The Eurozone crisis - what, why and how it will affect you
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We are constantly being reminded that the EU is in crisis. Greece, Spain, Portugal, Ireland - all weighed down by debt and instability. Questions are starting to circulate concerning England’s future in the EU, with mentions of a referendum possible. But what is happening? How did it happen? And, what could it mean in the future?
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- In 1999, the EU adopted the single currency of the Euro, with only Sweden, Denmark and England opting out.
- Greece’s debts were first acknowledged in 2009. Finance minister Giorgos Papaconstantinou was adamant Greece would not need a bail out, promising reduction by 2010. Later that year Greece admitted its debt had reached the highest in modern history – 300bn euros, 113% of its gross domestic product (GDP) – nearly double the 60% accepted by the EU.
- ‘Severe irregularities’ in Greece’s accounting procedures were discovered, leading to a series of austerity measures. Following protests and worsening markets, Eurozone countries agreed to raise 30bn euros in emergency loans.
- Meanwhile, concern started to grow for other countries in debt: Spain, Portugal and Ireland. Portugal soon admitted they couldn’t handle their finances and a 78bn euro bailout was agreed.
- On the 2nd May, the Eurozone and the International Monetary Fund (IMF) agreed to raise 110bn euros for Greece in a bailout package, provided it kept to austerity measures.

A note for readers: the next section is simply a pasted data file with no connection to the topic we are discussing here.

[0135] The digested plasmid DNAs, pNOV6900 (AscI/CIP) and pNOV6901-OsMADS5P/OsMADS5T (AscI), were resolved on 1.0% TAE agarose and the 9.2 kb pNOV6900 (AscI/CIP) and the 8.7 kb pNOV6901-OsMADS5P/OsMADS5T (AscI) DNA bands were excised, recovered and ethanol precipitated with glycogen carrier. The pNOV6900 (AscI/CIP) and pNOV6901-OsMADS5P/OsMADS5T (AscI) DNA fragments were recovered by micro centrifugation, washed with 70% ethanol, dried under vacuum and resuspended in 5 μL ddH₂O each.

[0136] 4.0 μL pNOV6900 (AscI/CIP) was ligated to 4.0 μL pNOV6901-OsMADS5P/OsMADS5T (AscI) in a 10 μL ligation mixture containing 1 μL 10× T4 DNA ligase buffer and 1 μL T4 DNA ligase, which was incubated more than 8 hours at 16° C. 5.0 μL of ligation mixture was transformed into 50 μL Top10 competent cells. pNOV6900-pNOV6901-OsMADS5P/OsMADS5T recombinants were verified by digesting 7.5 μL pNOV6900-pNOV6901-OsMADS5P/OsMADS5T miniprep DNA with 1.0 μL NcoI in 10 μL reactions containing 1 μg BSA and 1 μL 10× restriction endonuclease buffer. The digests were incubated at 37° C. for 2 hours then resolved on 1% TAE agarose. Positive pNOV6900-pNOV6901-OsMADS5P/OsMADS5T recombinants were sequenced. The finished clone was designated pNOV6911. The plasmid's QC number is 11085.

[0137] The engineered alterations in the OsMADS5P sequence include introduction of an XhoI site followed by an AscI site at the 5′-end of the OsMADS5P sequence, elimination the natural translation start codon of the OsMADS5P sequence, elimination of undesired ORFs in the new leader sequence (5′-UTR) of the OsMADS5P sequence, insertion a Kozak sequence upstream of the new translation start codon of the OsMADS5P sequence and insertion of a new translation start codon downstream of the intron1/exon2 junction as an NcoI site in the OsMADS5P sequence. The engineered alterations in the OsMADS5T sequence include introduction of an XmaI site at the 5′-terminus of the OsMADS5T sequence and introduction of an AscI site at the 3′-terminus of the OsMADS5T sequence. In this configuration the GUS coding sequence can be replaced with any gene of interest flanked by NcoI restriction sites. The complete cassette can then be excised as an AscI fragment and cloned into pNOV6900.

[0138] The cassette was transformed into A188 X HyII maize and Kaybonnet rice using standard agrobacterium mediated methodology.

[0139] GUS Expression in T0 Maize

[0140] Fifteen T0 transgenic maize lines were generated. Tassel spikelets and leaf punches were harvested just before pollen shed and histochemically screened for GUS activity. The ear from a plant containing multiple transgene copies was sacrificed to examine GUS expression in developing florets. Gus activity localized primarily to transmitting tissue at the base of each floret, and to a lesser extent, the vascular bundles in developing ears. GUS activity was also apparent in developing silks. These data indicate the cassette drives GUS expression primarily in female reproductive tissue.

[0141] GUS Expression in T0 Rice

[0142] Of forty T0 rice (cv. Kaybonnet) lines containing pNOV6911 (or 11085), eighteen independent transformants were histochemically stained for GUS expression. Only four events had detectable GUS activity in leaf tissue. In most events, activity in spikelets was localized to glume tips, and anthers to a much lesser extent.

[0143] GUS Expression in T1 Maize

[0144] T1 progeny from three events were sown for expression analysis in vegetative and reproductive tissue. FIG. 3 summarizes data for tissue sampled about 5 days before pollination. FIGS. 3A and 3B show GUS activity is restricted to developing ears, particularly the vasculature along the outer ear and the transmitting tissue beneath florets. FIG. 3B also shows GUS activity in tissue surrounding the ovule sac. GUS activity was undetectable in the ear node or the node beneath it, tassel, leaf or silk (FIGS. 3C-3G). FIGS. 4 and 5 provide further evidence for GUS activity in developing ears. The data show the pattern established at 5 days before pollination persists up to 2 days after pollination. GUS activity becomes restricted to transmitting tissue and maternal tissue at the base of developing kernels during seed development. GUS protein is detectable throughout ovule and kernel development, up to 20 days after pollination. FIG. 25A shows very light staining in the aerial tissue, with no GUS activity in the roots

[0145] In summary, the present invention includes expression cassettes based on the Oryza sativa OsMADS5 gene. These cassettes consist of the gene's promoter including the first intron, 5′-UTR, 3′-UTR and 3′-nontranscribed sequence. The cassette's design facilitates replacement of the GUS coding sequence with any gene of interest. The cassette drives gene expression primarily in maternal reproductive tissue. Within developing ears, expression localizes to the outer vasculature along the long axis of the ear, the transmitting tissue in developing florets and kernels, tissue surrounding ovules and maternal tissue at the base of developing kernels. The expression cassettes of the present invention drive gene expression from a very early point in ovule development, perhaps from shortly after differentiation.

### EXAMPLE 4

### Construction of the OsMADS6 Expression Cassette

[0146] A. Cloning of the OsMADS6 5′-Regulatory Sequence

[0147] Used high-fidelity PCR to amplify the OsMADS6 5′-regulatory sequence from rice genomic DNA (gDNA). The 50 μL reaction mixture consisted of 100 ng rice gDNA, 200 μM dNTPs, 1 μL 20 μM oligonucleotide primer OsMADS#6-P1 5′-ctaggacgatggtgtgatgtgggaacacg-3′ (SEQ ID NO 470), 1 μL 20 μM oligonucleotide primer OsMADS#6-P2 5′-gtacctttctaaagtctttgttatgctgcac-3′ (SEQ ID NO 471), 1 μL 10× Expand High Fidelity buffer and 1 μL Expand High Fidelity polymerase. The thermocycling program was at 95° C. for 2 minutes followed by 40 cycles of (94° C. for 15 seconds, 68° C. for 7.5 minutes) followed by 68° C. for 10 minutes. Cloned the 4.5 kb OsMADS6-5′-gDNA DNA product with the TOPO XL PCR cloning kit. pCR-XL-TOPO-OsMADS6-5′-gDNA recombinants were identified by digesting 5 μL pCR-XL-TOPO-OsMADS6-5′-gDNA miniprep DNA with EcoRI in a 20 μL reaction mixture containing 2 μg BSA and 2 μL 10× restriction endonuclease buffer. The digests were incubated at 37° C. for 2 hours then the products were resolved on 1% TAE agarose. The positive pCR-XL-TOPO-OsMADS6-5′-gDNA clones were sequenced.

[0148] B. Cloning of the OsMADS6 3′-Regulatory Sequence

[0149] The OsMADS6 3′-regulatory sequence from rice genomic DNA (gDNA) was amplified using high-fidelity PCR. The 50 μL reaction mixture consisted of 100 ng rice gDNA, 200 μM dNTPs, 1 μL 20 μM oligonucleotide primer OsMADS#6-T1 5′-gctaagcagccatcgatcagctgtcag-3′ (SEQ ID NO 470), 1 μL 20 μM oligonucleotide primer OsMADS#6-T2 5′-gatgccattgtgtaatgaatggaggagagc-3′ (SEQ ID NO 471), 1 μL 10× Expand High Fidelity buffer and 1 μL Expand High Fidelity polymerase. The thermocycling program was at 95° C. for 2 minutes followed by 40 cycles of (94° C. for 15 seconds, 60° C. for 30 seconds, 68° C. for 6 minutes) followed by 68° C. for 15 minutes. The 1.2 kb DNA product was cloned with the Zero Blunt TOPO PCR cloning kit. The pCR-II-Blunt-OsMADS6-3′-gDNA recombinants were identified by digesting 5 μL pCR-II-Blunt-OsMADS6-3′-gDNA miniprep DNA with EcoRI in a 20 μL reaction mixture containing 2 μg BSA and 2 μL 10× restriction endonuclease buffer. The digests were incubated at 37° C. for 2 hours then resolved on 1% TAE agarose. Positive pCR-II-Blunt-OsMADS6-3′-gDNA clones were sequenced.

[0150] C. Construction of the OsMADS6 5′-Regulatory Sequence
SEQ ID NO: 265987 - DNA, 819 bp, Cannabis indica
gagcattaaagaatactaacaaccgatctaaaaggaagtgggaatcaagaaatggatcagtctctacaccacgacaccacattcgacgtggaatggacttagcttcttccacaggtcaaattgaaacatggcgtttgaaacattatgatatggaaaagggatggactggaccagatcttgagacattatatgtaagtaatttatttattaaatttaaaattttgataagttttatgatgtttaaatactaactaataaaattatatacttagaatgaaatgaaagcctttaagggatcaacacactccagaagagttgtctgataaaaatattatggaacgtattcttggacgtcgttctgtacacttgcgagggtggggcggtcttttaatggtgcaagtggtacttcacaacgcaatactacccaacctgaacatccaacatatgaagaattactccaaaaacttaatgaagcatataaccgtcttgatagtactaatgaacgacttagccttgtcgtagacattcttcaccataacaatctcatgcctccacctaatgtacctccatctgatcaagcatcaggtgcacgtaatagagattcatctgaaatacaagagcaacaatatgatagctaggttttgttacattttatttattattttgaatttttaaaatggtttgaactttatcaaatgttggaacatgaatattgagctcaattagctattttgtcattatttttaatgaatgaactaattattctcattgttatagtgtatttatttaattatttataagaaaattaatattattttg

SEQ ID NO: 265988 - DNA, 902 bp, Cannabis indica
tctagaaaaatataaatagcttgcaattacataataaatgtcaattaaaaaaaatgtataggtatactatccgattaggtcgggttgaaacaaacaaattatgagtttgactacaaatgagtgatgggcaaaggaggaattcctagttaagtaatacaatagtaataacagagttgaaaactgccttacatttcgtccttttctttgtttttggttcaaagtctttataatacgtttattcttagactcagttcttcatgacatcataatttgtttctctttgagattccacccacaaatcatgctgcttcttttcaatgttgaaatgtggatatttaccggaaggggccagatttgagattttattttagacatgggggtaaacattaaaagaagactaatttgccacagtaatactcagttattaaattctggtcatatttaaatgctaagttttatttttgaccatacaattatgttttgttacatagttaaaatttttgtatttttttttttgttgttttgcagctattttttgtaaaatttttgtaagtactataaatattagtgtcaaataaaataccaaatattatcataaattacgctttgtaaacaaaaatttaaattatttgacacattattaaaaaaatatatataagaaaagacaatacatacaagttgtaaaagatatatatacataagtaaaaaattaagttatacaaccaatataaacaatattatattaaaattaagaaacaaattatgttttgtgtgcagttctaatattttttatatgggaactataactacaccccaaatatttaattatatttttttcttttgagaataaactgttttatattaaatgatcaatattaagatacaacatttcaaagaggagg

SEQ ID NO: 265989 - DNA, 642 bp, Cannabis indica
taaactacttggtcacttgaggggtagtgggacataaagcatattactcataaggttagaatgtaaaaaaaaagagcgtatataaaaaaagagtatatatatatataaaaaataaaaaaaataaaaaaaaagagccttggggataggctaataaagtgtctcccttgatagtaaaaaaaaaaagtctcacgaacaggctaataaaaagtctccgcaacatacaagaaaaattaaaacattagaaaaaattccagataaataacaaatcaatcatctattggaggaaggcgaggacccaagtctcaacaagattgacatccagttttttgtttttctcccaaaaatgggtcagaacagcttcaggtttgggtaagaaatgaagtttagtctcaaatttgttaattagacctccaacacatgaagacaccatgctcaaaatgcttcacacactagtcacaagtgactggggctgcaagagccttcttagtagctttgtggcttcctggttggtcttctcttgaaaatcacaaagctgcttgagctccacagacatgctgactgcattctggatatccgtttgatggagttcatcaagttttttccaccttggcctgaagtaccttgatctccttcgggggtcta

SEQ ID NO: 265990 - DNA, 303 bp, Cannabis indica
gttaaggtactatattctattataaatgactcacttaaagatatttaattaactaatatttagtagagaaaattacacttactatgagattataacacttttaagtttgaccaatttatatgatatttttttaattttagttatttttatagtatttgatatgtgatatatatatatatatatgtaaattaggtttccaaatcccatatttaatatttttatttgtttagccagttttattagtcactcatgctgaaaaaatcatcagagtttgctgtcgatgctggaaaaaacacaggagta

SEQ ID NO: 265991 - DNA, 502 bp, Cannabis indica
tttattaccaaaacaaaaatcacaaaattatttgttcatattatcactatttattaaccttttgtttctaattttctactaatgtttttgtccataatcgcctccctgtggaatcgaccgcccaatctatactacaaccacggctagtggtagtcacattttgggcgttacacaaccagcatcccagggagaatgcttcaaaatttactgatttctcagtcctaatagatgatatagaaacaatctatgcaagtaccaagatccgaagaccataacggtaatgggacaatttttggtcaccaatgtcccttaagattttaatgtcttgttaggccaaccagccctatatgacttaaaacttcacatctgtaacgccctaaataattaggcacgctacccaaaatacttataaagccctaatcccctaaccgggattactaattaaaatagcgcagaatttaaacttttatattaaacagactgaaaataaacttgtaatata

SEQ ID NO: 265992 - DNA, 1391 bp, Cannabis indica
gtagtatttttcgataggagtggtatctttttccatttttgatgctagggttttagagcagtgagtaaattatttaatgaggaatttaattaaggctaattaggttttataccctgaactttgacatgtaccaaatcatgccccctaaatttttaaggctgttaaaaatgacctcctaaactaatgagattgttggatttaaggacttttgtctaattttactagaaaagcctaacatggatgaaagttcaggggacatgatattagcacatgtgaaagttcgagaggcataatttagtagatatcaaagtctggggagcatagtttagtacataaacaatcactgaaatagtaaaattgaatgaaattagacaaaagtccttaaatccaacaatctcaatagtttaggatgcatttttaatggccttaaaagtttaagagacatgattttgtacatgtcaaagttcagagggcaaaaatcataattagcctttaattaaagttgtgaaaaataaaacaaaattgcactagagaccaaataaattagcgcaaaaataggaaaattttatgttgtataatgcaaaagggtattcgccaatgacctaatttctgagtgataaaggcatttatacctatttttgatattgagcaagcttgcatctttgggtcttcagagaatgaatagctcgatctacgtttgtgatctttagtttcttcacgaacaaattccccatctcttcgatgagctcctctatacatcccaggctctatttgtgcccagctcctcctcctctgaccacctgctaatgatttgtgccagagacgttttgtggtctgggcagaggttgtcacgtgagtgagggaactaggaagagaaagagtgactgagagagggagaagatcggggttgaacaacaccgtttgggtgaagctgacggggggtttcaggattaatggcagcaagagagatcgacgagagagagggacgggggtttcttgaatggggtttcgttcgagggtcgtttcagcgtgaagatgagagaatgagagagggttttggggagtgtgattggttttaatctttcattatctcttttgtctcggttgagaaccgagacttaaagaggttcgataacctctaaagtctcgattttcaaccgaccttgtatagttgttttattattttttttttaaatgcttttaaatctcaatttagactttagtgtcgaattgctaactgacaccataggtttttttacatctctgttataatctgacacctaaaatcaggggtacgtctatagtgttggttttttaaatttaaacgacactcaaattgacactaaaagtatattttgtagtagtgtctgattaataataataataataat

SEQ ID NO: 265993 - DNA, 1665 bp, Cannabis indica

- Things remained gloomy throughout the Eurozone as unemployment reached a high and the private sector shrank. G20 meetings took place to address the situation and prevent Greece from defaulting.
- Greece agreed to meet new austerity plans, including 15,000 public-sector job cuts and minimum wage pay cuts – an agreement met with protests by the Greeks. A 130bn euro second bailout was given. Pro-austerity party New Democracy got most votes after the Greeks went to the polls, delaying fears the country was leaving the Eurozone.
- On June 9th Spain also said it will soon formally ask for a loan of 100bn euros.
- Upheaval in the Eurozone would force banks to be careful about lending, making it harder for first-time buyers to get on the property ladder and leading to rising rent. Those deemed unreliable to make mortgage repayments may struggle to get one. However, if Greece were to leave the single currency the effects would be less felt than the collapse of Lehman Brothers in 2008.
- Trouble in the Eurozone means danger for the banks, but there are forms of protection. Overseen by the Financial Services Compensation Scheme, the first £85,000 in a bank, building society or credit union is protected and this doubles to £170,000 for joint accounts.
- Job cuts appear undeniable. The Eurozone is the UK’s biggest trading partner and therefore a decline in European economies would mean less demand.
- However, holidays in Europe will suddenly become more profitable, with the pound buying more euros than any time in the last three years – that party holiday suddenly got a lot cheaper!
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